I began the digital transition in 1993. At that time, film was the only capture option, but pre-press was in full digital swing. With the acquisition of a drum scanner in 1995, my studio became fully immersed in digital pre-press, and was soon involved with every production step required to bring a trade publication to print -from photography to press inspections. This was a unique experience as I was able to evaluate my own production work (of my own shots) every step of the way from the camera to the press.

Around the same time that I acquired the scanner, I also purchased a large-format digital inkjet printer and started experimenting with digital printing. This ultimately lead to full production of trade show graphics. A few years later, I added an Iris 3047 printer to the studio and began to learn digital fine art reproduction.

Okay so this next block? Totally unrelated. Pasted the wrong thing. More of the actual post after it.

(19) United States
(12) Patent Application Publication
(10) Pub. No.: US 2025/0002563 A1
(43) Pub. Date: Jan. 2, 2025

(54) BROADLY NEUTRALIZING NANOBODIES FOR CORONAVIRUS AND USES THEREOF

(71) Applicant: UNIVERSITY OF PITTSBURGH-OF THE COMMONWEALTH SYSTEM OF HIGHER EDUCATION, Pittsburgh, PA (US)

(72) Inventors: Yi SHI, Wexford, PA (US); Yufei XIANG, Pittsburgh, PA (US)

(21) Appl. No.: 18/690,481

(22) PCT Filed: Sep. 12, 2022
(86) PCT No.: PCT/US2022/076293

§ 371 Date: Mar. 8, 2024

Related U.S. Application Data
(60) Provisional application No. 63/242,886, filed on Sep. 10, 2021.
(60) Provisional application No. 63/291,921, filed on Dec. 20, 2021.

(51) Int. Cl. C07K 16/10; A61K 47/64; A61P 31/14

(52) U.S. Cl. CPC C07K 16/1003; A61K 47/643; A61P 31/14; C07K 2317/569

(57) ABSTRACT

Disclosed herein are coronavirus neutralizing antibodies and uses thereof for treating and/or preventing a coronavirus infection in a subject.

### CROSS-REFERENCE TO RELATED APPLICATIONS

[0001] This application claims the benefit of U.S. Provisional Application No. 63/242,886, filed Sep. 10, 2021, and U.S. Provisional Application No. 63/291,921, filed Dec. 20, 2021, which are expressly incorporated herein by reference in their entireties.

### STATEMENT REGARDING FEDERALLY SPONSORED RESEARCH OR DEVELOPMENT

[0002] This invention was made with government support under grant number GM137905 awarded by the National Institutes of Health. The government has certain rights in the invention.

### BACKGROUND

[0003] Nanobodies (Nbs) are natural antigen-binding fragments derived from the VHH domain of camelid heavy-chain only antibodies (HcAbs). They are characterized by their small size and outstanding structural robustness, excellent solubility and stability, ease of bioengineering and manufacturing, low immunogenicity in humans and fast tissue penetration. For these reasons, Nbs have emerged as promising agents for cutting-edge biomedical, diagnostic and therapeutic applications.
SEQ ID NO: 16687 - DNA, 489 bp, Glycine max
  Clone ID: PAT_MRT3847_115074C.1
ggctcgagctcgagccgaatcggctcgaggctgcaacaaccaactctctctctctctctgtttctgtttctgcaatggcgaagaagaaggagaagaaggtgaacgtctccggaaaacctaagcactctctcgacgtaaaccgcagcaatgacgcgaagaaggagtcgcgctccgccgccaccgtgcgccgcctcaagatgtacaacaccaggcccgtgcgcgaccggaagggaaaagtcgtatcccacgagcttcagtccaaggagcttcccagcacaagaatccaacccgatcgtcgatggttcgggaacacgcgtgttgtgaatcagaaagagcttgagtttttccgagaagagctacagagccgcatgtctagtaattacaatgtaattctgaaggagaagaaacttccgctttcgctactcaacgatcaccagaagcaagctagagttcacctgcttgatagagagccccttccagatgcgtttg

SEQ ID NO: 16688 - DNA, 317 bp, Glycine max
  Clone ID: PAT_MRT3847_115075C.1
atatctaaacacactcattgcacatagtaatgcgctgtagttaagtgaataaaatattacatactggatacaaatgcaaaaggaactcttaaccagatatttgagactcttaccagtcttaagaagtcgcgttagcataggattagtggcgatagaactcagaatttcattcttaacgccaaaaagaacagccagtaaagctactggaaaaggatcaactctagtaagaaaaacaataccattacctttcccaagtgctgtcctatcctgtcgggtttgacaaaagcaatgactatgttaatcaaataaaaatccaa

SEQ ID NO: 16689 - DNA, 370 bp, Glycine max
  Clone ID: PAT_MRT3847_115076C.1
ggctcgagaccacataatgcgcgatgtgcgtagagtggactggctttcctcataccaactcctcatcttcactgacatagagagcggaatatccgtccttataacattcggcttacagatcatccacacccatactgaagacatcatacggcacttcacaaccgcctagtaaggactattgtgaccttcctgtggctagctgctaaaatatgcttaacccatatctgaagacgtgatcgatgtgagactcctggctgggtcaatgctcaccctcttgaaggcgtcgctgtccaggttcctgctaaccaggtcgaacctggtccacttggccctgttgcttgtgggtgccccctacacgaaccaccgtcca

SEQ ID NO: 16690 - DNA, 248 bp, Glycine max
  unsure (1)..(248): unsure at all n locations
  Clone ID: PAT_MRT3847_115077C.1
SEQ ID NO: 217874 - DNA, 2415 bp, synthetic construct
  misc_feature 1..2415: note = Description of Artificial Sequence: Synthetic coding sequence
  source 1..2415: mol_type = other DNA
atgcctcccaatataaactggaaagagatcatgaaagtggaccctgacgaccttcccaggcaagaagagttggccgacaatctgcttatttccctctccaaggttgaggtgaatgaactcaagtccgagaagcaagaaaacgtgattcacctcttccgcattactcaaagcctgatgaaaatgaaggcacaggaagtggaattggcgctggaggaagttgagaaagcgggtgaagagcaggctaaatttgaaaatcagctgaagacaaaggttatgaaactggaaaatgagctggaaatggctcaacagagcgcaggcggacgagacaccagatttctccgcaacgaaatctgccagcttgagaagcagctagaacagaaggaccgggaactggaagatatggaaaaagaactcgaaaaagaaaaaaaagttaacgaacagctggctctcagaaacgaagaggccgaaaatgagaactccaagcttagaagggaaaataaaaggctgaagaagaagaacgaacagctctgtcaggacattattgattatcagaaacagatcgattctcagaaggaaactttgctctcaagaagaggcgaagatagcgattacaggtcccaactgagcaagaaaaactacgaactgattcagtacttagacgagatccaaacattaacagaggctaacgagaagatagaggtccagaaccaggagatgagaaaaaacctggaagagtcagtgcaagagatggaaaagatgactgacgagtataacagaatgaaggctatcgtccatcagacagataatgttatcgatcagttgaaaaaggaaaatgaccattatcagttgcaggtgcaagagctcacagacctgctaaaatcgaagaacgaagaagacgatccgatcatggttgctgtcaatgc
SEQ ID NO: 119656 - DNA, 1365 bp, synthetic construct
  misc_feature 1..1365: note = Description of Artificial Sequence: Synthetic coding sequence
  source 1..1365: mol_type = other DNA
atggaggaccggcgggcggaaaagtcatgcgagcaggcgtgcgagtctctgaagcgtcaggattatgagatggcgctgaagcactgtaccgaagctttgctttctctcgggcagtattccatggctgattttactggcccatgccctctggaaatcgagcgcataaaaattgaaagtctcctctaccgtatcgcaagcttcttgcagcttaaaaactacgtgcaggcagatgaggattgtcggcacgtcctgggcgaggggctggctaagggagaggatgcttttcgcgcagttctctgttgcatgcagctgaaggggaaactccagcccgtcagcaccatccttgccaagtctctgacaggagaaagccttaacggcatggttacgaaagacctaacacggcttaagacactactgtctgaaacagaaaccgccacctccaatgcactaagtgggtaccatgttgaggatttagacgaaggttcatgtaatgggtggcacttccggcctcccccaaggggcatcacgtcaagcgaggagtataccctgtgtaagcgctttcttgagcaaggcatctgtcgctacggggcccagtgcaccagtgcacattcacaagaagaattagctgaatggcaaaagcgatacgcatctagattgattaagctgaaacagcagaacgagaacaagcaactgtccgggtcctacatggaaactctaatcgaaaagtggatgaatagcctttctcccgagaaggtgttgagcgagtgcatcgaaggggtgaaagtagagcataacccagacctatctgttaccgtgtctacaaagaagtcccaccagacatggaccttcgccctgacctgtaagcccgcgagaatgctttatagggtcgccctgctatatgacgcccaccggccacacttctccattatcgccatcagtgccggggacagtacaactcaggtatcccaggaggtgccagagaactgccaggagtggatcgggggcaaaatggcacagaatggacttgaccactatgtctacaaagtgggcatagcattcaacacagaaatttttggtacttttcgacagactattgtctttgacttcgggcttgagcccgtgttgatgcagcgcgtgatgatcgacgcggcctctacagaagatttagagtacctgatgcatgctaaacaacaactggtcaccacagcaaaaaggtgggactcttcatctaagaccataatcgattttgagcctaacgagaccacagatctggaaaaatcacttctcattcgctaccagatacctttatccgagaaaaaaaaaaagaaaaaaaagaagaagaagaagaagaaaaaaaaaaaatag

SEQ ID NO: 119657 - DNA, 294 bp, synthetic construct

In 1999, I began the transition to digital photography, and by 2001 my studio was fully digital. Still, the fact remains that this fully digital studio happened in stages, learned and implemented over eight years, and during much of the transition the photography was film-based. While digital photography is a new way of working and thinking, in the end, it's still photography.